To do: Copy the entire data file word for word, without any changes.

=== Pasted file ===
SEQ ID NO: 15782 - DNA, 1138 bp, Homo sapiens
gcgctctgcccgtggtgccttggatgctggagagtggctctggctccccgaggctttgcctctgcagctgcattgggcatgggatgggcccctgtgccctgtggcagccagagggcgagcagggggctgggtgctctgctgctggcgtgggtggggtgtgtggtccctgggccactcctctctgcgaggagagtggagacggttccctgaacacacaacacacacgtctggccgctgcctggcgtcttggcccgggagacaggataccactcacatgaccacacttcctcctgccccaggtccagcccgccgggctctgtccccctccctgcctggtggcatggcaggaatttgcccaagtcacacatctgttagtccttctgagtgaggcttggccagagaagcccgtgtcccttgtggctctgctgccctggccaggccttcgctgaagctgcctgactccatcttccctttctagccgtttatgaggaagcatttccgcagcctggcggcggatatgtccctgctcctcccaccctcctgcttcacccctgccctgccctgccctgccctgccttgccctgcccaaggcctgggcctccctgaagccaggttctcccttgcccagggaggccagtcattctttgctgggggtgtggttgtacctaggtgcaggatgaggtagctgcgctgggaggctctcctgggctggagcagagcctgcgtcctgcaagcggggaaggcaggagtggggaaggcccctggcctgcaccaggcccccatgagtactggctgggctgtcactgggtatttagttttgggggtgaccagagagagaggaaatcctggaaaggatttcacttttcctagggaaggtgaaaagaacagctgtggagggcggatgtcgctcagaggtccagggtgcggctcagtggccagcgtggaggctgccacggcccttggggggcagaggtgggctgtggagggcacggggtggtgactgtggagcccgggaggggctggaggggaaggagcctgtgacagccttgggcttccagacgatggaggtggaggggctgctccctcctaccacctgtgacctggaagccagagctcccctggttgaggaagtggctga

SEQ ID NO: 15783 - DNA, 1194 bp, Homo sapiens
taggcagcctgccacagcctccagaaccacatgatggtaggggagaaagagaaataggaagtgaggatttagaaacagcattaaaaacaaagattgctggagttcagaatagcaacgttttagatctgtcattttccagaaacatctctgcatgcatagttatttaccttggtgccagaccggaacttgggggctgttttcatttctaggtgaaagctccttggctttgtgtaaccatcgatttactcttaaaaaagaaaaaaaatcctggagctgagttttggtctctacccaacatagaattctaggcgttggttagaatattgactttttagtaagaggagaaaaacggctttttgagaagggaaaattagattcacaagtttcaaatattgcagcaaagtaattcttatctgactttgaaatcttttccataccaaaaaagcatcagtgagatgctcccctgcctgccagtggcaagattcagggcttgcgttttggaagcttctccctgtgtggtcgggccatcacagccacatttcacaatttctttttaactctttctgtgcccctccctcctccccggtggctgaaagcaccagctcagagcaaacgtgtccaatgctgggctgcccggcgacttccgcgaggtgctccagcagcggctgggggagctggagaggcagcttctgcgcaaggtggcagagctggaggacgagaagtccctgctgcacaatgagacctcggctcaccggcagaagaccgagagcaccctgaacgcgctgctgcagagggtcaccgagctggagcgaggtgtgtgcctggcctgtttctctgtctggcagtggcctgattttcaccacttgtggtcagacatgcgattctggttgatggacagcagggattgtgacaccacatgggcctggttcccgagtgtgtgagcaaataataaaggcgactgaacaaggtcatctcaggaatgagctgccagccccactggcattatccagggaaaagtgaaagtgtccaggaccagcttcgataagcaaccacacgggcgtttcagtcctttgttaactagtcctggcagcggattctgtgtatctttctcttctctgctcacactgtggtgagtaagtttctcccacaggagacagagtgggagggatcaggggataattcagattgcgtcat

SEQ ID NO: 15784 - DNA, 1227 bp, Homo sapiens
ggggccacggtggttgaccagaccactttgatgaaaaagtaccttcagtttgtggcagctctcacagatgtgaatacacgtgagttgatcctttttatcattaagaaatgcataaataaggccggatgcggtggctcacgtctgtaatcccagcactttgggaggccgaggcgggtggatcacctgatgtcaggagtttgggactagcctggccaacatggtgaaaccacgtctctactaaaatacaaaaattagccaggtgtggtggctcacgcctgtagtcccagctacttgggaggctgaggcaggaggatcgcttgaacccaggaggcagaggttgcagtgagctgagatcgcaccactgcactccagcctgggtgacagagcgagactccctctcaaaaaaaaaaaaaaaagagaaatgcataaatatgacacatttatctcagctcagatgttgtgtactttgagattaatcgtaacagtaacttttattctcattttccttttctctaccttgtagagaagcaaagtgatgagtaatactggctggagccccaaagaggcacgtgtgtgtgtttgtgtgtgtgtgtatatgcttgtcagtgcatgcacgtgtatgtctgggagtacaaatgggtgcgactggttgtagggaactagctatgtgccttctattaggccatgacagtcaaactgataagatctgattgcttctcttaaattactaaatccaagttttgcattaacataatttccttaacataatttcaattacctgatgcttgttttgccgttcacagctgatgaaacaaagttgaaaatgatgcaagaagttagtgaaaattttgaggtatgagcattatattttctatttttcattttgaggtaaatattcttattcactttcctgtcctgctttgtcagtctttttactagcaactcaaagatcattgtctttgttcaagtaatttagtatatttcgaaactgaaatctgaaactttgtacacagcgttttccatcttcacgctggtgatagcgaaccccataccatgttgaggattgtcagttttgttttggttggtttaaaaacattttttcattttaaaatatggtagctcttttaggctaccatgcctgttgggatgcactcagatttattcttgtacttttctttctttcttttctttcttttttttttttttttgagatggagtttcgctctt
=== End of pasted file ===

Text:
SEQ ID NO: 15782 - DNA, 1138 bp, Homo sapiens
gcgctctgcccgtggtgccttggatgctggagagtggctctggctccccgaggctttgcctctgcagctgcattgggcatgggatgggcccctgtgccctgtggcagccagagggcgagcagggggctgggtgctctgctgctggcgtgggtggggtgtgtggtccctgggccactcctctctgcgaggagagtggagacggttccctgaacacacaacacacacgtctggccgctgcctggcgtcttggcccgggagacaggataccactcacatgaccacacttcctcctgccccaggtccagcccgccgggctctgtccccctccctgcctggtggcatggcaggaatttgcccaagtcacacatctgttagtccttctgagtgaggcttggccagagaagcccgtgtcccttgtggctctgctgccctggccaggccttcgctgaagctgcctgactccatcttccctttctagccgtttatgaggaagcatttccgcagcctggcggcggatatgtccctgctcctcccaccctcctgcttcacccctgccctgccctgccctgccctgccttgccctgcccaaggcctgggcctccctgaagccaggttctcccttgcccagggaggccagtcattctttgctgggggtgtggttgtacctaggtgcaggatgaggtagctgcgctgggaggctctcctgggctggagcagagcctgcgtcctgcaagcggggaaggcaggagtggggaaggcccctggcctgcaccaggcccccatgagtactggctgggctgtcactgggtatttagttttgggggtgaccagagagagaggaaatcctggaaaggatttcacttttcctagggaaggtgaaaagaacagctgtggagggcggatgtcgctcagaggtccagggtgcggctcagtggccagcgtggaggctgccacggcccttggggggcagaggtgggctgtggagggcacggggtggtgactgtggagcccgggaggggctggaggggaaggagcctgtgacagccttgggcttccagacgatggaggtggaggggctgctccctcctaccacctgtgacctggaagccagagctcccctggttgaggaagtggctga

SEQ ID NO: 15783 - DNA, 1194 bp, Homo sapiens
taggcagcctgccacagcctccagaaccacatgatggtaggggagaaagagaaataggaagtgaggatttagaaacagcattaaaaacaaagattgctggagttcagaatagcaacgttttagatctgtcattttccagaaacatctctgcatgcatagttatttaccttggtgccagaccggaacttgggggctgttttcatttctaggtgaaagctccttggctttgtgtaaccatcgatttactcttaaaaaagaaaaaaaatcctggagctgagttttggtctctacccaacatagaattctaggcgttggttagaatattgactttttagtaagaggagaaaaacggctttttgagaagggaaaattagattcacaagtttcaaatattgcagcaaagtaattcttatctgactttgaaatcttttccataccaaaaaagcatcagtgagatgctcccctgcctgccagtggcaagattcagggcttgcgttttggaagcttctccctgtgtggtcgggccatcacagccacatttcacaatttctttttaactctttctgtgcccctccctcctccccggtggctgaaagcaccagctcagagcaaacgtgtccaatgctgggctgcccggcgacttccgcgaggtgctccagcagcggctgggggagctggagaggcagcttctgcgcaaggtggcagagctggaggacgagaagtccctgctgcacaatgagacctcggctcaccggcagaagaccgagagcaccctgaacgcgctgctgcagagggtcaccgagctggagcgaggtgtgtgcctggcctgtttctctgtctggcagtggcctgattttcaccacttgtggtcagacatgcgattctggttgatggacagcagggattgtgacaccacatgggcctggttcccgagtgtgtgagcaaataataaaggcgactgaacaaggtcatctcaggaatgagctgccagccccactggcattatccagggaaaagtgaaagtgtccaggaccagcttcgataagcaaccacacgggcgtttcagtcctttgttaactagtcctggcagcggattctgtgtatctttctcttctctgctcacactgtggtgagtaagtttctcccacaggagacagagtgggagggatcaggggataattcagattgcgtcat

SEQ ID NO: 15784 - DNA, 1227 bp, Homo sapiens
ggggccacggtggttgaccagaccactttgatgaaaaagtaccttcagtttgtggcagctctcacagatgtgaatacacgtgagttgatcctttttatcattaagaaatgcataaataaggccggatgcggtggctcacgtctgtaatcccagcactttgggaggccgaggcgggtggatcacctgatgtcaggagtttgggactagcctggccaacatggtgaaaccacgtctctactaaaatacaaaaattagccaggtgtggtggctcacgcctgtagtcccagctacttgggaggctgaggcaggaggatcgcttgaacccaggaggcagaggttgcagtgagctgagatcgcaccactgcactccagcctgggtgacagagcgagactccctctcaaaaaaaaaaaaaaaagagaaatgcataaatatgacacatttatctcagctcagatgttgtgtactttgagattaatcgtaacagtaacttttattctcattttccttttctctaccttgtagagaagcaaagtgatgagtaatactggctggagccccaaagaggcacgtgtgtgtgtttgtgtgtgtgtgtatatgcttgtcagtgcatgcacgtgtatgtctgggagtacaaatgggtgcgactggttgtagggaactagctatgtgccttctattaggccatgacagtcaaactgataagatctgattgcttctcttaaattactaaatccaagttttgcattaacataatttccttaacataatttcaattacctgatgcttgttttgccgttcacagctgatgaaacaaagttgaaaatgatgcaagaagttagtgaaaattttgaggtatgagcattatattttctatttttcattttgaggtaaatattcttattcactttcctgtcctgctttgtcagtctttttactagcaactcaaagatcattgtctttgttcaagtaatttagtatatttcgaaactgaaatctgaaactttgtacacagcgttttccatcttcacgctggtgatagcgaaccccataccatgttgaggattgtcagttttgttttggttggtttaaaaacattttttcattttaaaatatggtagctcttttaggctaccatgcctgttgggatgcactcagatttattcttgtacttttctttctttcttttctttcttttttttttttttttgagatggagtttcgctctt